12 November 1975 0715 23rd NORAD Region. UFO Reported from Radar site at Falconbridge Ontario, Canada (Sudbury). Reported by Mr. Julian Prince of Sudbury thru Ontario Provincial Police (also observed by 2 OPP constables ZADOW & BRETT) 2 objects seen appeared to be artificial light fading on and off with jerky motion. Broken cloud layer with no estimated base. No radar contact made and no request for fighter scramble initiated.
15 November 1975 0742 UFO 23rd NORAD REGION. From Falconbridge Radar Site a civilian, Oliver Kizioja, Sudbury, Ontario, at 0615 was standing in back yard facing south. Observed one bright yellow object moving up and back, leaving a tail. It was very high but did not change position in regard to other stars. He watched for 15 minutes, then called radar site. Not observed on radar.
15 November 1975 1229 23rd NORAD REGION. From Falconbridge. At 1130, Lyman Paqutte, married student, residence Laurentian Univ., Sudbury, Ontario. Reported he had been looking due east, sky partly cloudy, saw one bright white object about 70° elevation, high out of range of binoculars. It climbed high out of range of binoculars. Observed for 20 minutes and witnessed by his wife, brother-in-law and sister-in-law. Negative radar contact.
17 November 1975 1705 24 NORAD Region UFO at 132345z Large orange ball with 2 red lights stationary; Azimuth 045° from River Court, Ontario. No radar contact. Called in to 24th NORAD at 16-1700z. 17 November 1975 1705 23rd NORAD region; UFO reported 0230z from a Mr. John Dunlops, address: Manitoulin Island, Ontario, Canada. Two objects, oval shaped with two yellow flashing lights, moving north to south, then became stationary, observed for 10 minutes, one above the other, sky was cloudy—no radar contact. Toronto AMIS advised no known traffic in area.

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More entries appeared in the NORAD regional Senior Director's Log.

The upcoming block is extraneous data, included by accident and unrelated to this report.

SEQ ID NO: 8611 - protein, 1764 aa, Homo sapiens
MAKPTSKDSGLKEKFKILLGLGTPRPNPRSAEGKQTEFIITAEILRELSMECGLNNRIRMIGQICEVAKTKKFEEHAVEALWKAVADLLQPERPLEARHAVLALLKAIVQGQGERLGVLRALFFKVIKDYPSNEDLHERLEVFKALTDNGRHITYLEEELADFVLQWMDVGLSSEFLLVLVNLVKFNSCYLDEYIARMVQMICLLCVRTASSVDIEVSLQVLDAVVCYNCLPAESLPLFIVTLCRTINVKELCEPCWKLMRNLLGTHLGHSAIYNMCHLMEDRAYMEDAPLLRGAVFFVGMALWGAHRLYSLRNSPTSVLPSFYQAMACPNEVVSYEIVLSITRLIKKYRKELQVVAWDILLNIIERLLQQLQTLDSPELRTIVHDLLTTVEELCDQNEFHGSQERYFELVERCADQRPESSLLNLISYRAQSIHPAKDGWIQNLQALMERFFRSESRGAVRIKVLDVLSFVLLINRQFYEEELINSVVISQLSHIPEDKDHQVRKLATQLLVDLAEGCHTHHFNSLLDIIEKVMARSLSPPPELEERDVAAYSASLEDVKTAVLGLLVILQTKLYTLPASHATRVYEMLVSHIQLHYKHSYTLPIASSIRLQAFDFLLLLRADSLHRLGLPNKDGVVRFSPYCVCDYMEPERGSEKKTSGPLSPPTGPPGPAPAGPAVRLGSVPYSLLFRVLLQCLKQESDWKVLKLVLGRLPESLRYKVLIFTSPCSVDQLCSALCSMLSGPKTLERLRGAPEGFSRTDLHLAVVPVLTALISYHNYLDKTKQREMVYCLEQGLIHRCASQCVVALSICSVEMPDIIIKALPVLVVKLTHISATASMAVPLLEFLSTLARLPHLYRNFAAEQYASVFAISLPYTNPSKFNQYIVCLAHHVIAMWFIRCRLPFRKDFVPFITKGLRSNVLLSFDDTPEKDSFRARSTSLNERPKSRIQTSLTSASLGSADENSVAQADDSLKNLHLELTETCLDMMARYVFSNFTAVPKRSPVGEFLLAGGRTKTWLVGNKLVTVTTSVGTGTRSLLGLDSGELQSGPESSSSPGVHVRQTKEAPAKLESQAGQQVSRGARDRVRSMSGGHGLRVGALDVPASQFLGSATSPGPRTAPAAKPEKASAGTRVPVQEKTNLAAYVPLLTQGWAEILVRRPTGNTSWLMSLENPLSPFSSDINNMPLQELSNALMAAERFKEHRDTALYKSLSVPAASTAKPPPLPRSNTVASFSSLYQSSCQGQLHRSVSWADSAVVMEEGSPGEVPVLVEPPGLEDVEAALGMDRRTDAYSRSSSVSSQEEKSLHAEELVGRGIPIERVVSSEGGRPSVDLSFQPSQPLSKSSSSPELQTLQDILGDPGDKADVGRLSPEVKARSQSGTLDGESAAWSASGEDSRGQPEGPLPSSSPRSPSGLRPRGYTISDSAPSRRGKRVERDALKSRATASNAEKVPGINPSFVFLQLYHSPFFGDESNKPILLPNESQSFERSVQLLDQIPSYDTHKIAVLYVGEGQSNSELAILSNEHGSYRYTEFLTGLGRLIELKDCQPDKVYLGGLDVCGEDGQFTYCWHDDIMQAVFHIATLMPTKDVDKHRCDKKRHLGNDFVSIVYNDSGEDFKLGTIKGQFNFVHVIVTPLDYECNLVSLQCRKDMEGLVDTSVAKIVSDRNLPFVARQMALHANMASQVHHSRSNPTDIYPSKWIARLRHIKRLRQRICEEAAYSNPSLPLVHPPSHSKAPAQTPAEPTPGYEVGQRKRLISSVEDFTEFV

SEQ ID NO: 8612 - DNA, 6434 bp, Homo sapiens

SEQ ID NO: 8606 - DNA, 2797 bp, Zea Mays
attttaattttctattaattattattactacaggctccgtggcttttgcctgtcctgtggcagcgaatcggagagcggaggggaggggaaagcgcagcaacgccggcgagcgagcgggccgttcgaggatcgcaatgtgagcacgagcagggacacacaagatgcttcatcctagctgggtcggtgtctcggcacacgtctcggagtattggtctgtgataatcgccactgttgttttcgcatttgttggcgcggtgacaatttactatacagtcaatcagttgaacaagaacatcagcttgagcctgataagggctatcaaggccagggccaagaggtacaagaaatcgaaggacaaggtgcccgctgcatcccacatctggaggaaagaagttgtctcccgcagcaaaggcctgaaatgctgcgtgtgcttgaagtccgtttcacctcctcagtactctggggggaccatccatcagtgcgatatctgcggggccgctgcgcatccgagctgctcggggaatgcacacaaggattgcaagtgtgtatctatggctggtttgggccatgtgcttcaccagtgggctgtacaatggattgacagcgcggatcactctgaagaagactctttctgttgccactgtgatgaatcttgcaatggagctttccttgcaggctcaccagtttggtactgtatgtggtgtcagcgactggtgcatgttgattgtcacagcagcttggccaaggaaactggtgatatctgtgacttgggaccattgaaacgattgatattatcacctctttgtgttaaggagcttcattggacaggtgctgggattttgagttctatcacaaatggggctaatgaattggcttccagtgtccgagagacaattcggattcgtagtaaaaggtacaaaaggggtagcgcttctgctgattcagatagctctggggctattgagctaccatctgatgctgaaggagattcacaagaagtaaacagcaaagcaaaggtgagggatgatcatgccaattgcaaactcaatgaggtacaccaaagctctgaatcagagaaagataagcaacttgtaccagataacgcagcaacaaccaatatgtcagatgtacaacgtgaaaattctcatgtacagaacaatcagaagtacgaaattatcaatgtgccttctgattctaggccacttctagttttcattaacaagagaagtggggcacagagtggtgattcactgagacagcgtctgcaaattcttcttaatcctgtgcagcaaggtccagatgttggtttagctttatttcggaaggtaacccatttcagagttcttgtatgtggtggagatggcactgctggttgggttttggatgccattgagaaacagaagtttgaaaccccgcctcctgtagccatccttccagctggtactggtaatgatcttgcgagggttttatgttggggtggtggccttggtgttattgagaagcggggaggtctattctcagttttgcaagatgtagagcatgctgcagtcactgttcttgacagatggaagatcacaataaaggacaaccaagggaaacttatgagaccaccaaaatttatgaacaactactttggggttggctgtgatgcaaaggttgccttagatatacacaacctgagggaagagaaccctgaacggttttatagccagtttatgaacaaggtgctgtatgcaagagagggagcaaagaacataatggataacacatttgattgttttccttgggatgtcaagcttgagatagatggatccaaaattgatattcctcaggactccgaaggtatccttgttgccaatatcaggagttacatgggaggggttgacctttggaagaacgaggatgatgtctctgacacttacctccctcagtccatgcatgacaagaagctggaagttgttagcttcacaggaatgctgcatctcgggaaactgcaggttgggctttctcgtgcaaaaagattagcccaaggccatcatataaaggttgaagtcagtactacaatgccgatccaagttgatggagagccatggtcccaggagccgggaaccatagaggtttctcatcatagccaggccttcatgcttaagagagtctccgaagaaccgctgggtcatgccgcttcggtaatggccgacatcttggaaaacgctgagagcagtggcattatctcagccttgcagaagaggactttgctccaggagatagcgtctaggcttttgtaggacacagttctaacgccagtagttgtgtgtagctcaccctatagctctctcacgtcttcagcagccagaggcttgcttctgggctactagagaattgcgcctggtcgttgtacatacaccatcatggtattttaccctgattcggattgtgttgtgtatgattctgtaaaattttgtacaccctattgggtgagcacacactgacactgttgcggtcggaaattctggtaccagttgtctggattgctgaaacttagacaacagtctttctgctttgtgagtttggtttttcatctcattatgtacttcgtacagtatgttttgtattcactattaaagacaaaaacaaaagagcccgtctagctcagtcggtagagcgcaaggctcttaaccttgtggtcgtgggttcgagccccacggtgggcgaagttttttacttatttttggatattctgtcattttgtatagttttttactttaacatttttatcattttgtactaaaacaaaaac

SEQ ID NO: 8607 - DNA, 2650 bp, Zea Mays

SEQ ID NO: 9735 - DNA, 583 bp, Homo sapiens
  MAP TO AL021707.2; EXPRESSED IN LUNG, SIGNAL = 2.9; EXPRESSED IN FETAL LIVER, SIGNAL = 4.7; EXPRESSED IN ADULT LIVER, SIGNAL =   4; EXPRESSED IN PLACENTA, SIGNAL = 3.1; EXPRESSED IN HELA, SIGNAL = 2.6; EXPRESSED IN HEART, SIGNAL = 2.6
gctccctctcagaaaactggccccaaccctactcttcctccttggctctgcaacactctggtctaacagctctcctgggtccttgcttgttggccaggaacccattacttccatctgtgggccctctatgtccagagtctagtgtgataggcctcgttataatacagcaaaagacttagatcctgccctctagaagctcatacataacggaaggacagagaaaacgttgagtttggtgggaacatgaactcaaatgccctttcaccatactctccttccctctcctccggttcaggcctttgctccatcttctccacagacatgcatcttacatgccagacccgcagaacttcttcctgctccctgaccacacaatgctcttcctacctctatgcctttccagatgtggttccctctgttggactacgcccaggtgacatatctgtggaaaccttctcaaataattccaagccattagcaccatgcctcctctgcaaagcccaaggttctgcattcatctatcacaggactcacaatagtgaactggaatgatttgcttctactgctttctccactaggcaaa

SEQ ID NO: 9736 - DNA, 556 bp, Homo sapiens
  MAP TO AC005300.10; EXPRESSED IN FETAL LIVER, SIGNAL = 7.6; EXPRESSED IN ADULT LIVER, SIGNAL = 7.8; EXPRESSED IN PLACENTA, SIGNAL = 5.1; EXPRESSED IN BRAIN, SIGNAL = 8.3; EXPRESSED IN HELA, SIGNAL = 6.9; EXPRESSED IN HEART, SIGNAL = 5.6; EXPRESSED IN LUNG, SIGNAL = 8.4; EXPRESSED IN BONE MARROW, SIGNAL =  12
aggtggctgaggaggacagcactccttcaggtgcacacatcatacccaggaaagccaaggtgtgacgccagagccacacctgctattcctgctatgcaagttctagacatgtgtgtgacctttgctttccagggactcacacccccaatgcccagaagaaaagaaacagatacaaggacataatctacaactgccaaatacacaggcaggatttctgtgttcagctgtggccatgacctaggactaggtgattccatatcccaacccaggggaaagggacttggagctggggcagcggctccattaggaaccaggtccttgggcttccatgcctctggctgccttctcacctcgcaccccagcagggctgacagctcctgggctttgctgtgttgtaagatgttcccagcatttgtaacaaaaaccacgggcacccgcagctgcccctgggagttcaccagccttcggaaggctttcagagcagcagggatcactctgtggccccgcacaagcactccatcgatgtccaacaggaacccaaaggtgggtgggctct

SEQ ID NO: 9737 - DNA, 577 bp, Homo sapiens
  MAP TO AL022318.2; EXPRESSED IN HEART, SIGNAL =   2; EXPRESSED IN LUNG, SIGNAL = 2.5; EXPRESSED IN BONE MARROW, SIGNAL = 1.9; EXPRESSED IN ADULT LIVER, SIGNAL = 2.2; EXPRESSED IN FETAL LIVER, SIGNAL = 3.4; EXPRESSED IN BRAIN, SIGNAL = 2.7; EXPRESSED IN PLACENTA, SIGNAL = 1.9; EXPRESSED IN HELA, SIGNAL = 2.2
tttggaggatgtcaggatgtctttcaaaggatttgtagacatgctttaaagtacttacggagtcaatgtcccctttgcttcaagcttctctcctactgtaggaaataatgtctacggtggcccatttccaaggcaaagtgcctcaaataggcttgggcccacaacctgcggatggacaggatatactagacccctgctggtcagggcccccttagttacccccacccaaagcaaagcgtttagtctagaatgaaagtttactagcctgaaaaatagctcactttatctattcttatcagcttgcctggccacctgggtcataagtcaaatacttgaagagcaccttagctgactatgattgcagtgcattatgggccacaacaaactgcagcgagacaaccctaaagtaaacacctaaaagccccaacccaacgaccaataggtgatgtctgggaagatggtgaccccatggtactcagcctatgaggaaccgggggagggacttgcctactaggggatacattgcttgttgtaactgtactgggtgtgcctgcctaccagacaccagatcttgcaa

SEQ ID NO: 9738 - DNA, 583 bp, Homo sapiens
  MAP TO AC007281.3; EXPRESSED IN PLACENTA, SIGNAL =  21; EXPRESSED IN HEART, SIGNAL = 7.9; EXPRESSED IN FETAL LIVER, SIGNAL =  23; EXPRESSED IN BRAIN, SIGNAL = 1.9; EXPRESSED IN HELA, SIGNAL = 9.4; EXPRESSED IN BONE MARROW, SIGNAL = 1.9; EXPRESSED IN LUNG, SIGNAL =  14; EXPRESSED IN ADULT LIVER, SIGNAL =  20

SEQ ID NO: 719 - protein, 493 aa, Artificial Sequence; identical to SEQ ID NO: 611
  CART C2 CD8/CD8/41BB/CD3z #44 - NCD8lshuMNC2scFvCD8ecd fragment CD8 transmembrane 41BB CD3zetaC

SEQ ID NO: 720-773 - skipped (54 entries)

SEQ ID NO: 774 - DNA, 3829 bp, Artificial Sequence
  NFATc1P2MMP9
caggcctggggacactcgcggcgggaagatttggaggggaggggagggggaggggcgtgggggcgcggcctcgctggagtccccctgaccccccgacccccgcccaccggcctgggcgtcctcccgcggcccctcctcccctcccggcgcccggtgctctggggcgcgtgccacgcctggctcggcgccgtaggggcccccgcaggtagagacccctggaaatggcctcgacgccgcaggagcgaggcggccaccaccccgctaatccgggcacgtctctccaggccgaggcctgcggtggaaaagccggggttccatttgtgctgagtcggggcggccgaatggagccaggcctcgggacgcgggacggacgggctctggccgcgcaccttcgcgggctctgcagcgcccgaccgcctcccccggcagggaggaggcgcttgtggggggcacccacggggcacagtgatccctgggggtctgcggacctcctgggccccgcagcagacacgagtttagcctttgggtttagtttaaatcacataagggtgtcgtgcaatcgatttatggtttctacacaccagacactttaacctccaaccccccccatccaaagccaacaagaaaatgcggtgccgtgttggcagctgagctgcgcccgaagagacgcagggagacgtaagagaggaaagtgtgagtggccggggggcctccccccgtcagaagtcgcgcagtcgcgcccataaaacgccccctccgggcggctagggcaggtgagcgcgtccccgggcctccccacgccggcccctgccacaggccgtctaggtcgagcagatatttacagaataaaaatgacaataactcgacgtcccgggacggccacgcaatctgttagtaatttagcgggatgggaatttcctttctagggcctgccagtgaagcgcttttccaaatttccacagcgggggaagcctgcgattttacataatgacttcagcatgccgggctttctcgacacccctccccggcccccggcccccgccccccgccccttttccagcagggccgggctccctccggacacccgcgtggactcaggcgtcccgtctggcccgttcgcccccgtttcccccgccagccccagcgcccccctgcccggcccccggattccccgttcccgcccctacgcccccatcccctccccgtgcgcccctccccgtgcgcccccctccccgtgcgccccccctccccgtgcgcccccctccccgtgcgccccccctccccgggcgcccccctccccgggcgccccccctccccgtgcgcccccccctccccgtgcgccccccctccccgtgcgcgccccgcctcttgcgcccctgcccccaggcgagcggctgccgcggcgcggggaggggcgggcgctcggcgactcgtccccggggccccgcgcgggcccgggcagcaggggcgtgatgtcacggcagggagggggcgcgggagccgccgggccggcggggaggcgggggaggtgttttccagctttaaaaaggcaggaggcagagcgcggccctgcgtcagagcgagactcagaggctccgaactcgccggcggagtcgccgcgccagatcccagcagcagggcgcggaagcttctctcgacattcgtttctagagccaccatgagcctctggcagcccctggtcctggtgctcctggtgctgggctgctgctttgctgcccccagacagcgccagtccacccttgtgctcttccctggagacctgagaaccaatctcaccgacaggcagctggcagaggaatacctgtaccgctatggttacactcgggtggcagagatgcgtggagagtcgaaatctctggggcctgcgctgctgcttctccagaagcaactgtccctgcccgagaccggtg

1205z 11 November 1975 Received unusual sighting report from Falcon-bridge AFS, Ontario, Canada. Info passed to NORAD Command Director, Intelligence and Weather.
1840z 11 November 1975 Actions pertaining to scramble of JL08 and 09 due to unusual object sighting. With Director of Operations approval. Scrambled JL08/09 at 1745z, airborne at 1750z. NORAD Combat Operations Center notified ol Fateortoridge KFS YnewtewV Nwcxaft. ON^ Fa\c,CK\hud<^e flying over incident, point no sighting, 1831 aircraft still in area, no radar aircraft or visual contact. Falconbridge AFS still reporting object at 26,000 ft.
2235z 12 November 1975 Transmitted unknown report to NCOC Surveillance on incident at Falconbridge AFS which occurred on 11 Nov. 1975. 0533z 15 November 1975 UFO report from Falconbridge, occurrence time 0202z. Report sent to NCOC Surveillance, referred to Assistant Command Director Space Defense Center, and Intelligence. These 3 individuals considered the report a UFO report and not an unknown track report.

On November 13, 1975, NORAD issued a press release to the media in Sudbury, Ontario. It stated:

"At 4:05 A.M. Nov. 11, the Canadian Forces radar site at Falconbridge, Ontario, reported a radar track of an unidentified object about 25-30 nautical miles south of the site, ranging in altitude from 25,000 to 72,000 feet. Persons at the site also saw the object and said it appeared as a bright star but much closer. Two F-106 aircraft of the US Air Force Air National Guard's 171st Fighter Interceptor squadron at Selfridge ANGB, Michigan, were scrambled; but the pilots reported no contact with the object." The release was approved by NORAD's commander in charge.

The Falconbridge reports spilled over into 1976 and spread to other areas in Canada.